Monday, June 11, 2012

Survivor checks “run a marathon” off her bucket list. by Amy Cosgrove

Amy pictured at a recent GTS.
In June 2002 (so exactly ten years ago), I was diagnosed with Stage IV Hodgkin’s Lymphoma. I initially went to my primary doctor because I thought I had the flu. It took over six weeks and a TON of appointments with different specialists and dozens and dozens of different tests to figure out that I had Hodgkin’s Lymphoma. Honestly, the ‘not-knowing’ seemed much worse than actually hearing the diagnosis. Plus, I was really sick from the cancer – I had lost a lot of weight for no reason, had terrible night sweats and was horribly exhausted. Without a doubt, though, the worst symptom was the itching. It literally felt like my bones itched, and no lotion, medicine, nothing relieved it. However, my oncologist told me two things that first day that kept me from falling apart when he told me I had cancer. The first was that Hodgkin’s was one of the most treatable cancers of all and that the survival rate for someone (even in Stage IV) was very good. And, second, that the treatment protocol would actually relieve some of the symptoms I was having. And, that while the chemo and radiation would have their own side effects, I could expect to feel a lot better within my first two treatments. Two days after I got my diagnosis, I had my first chemotherapy treatment. And, by the end of the first month, the itching, night sweats and all the other symptoms were gone. And, I had a new hat collection. Ultimately, I had six months of chemotherapy and 21 radiation treatments. Near the end of chemotherapy I had to meet with a bone marrow transplant specialist, but fortunately the chemo and radiation worked and I was able to avoid a transplant. In March 2003, Dr. Saker, my oncologist, told me I was in remission. I’ve gone back every year and am happy to report I’ve been in remission for over 9 years now.

I first got involved with The Leukemia & Lymphoma Society during this time. When I was first diagnosed, I scoured the internet for information. The most helpful source for me was LLS. They had literally every answer I wanted or needed to know. Plus a lot of new things I hadn’t even thought to ask. My oncologist was absolutely amazing, but having a second resource with LLS was so comforting. When I was a few weeks into my chemo treatments, my colleagues at work (I worked for a small division of Philips Electronics at the time) asked me if they could put a team together to participate in The Leukemia & Lymphoma Society’s Light the Night Walk in my honor. Of course, I was honored and humbled and said yes. Except that they set a very lofty goal to raise $10,000. I thought they were crazy, but really enjoyed the whole spirit of the season. One of my favorite memories from that time was the day that they held the final event at work before the walk. It was a day where they were going to let all of us know how much we’d raised. I walked in that morning to find that everyone (EVERYONE) at work was wearing a hat. (After I lost my hair, I couldn’t get the hang of wigs, so I only wore one once and switched to hats immediately.) Anyway, everyone, including the Division CEO, was wearing a hat that day. It still humbles me and makes me tear up to think about it. When they announced later in the day that they’d raised not $10,000, but $30,000, I was so overwhelmed. We had a blast at the LTN walk. And, again, it’s still one of my favorite memories.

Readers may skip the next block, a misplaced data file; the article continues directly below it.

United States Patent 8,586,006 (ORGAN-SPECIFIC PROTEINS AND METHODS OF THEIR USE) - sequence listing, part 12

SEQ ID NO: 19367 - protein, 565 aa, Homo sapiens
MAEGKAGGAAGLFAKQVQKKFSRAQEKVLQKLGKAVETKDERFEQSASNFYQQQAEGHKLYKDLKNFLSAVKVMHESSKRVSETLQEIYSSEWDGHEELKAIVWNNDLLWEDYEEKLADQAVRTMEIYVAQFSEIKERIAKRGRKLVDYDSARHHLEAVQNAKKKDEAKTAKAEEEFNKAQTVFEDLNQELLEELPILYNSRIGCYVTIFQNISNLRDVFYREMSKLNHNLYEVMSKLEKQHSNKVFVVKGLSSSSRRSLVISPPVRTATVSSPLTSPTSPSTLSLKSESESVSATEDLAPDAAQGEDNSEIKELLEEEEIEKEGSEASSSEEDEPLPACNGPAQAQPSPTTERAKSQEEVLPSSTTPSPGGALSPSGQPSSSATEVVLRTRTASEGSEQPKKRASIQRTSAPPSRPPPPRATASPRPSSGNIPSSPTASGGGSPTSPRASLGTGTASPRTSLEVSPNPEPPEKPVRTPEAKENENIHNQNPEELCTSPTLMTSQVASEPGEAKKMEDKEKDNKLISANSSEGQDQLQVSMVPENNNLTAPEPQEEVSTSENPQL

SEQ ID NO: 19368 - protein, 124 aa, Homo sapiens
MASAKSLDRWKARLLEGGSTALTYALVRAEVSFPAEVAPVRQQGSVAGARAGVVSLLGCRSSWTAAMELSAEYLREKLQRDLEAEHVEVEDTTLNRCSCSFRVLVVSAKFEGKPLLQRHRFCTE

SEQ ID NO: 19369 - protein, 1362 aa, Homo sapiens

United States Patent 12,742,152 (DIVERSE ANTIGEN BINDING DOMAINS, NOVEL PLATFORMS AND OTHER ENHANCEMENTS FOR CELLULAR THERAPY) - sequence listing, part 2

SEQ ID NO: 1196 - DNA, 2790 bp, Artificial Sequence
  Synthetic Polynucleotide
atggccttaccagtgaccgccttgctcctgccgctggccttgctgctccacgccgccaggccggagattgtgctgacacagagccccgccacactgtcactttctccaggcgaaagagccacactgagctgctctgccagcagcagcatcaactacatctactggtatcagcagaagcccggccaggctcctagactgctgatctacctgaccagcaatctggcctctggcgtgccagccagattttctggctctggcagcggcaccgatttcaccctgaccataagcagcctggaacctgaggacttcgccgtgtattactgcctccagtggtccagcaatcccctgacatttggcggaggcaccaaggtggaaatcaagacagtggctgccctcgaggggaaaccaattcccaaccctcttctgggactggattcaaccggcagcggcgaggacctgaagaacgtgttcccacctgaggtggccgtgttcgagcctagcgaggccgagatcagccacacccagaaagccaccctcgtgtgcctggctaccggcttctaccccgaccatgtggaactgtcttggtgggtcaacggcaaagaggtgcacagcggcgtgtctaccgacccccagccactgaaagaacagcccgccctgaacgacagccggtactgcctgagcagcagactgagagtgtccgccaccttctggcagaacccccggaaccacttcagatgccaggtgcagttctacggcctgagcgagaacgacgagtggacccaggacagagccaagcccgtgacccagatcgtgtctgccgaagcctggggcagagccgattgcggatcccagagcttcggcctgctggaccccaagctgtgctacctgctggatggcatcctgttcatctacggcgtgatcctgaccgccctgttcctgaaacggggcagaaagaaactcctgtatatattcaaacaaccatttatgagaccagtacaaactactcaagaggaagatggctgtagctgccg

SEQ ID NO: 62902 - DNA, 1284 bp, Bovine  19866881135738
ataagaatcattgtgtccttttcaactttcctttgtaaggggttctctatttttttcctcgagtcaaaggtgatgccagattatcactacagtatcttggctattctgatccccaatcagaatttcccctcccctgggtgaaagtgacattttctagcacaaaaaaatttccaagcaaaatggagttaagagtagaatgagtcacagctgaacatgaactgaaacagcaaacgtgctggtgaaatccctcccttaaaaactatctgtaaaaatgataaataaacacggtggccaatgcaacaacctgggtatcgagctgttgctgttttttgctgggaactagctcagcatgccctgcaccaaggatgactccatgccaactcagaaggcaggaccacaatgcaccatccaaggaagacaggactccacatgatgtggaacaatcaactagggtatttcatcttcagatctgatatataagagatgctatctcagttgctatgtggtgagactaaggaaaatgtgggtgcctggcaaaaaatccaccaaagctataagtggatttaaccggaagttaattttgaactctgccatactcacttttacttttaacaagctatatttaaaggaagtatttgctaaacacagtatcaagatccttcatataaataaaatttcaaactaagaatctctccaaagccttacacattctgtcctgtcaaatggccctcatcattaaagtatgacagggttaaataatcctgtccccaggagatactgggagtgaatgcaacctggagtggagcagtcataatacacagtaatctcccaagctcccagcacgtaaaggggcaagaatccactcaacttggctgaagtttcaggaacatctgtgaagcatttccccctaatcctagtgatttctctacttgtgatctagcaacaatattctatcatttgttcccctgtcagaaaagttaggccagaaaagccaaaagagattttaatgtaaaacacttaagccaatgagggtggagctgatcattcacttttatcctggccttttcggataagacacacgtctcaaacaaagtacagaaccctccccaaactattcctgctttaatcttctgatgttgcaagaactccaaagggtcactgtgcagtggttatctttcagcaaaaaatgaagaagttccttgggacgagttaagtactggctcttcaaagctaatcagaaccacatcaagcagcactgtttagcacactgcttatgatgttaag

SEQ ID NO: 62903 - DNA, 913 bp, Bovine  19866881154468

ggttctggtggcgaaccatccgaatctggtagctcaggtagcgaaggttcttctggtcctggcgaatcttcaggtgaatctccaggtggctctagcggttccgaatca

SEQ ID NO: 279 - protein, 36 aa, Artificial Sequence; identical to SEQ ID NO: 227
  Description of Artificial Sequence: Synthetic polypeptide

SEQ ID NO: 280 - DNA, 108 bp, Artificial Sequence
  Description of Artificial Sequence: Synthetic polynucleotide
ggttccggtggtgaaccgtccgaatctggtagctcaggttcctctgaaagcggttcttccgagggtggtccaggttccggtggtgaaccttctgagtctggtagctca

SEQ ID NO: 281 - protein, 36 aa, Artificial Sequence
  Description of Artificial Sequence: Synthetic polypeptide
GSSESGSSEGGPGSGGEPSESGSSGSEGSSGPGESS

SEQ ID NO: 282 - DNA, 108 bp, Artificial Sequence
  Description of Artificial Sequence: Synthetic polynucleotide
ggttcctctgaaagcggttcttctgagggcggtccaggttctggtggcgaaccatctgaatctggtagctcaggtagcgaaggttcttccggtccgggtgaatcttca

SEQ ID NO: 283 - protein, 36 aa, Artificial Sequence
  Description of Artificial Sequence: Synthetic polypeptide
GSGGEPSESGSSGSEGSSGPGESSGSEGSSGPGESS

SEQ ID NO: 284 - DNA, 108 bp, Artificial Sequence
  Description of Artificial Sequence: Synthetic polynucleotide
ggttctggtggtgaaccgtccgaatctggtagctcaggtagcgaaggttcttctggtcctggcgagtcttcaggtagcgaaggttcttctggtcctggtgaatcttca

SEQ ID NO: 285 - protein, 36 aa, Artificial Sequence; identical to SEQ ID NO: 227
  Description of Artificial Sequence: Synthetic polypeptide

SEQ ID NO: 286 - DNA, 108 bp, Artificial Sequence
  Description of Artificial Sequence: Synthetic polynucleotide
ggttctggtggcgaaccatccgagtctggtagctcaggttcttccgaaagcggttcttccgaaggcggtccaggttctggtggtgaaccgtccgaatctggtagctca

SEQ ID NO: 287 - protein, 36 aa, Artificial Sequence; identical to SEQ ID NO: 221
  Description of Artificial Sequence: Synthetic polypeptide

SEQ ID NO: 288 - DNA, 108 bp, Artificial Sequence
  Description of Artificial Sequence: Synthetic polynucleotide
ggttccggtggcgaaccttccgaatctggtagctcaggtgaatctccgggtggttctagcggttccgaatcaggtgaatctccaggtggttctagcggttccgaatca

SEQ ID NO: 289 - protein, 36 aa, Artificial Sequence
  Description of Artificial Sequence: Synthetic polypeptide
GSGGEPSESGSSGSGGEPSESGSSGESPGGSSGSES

Several years later, the year that I turned 40, I decided it was time to check “run a marathon” off my bucket list. Since I’m a terrible runner, and because I’ve always supported other Team In Training runners, I signed up with the Virtual Team In Training to run the 2010 Rock 'n' Roll Seattle Marathon. I had a blast, and even though I had expected to check it off my list and move on to the next thing, the minute I crossed the finish line, I knew I would do another one. Now, I work for Deloitte Consulting, and Deloitte has TNT teams all over the country at its various locations. And, during the Fall 2012 season, Deloitte expects to cross the million dollar mark with TNT – meaning, Deloitte TNT’ers will have raised a total of more than $1,000,000 by the Fall races for LLS. (We’re at over $950,000 right now.) So, I signed up with the Deloitte Fall team and couldn’t resist the Nike Women’s Marathon in San Francisco. Who can resist getting a Tiffany necklace from a California firefighter after a 26-mile run?

I’m so grateful to be a survivor. I’m grateful to my doctors, my friend, my family. And, I’m so grateful that there is an organization like The Leukemia & Lymphoma Society that works to support people who are in the position I was in 10 years ago, but that also works to fund research to eliminate the need for it.

Amy Reeves Cosgrove is currently training with Team In Training for this Fall's Nike women's Marathon. Amy is a Human Capital Manager with Deloitte Consulting. Originally from Thomasville in South Georgia, she's been in the Atlanta area for more than 20 years.

1 comment:

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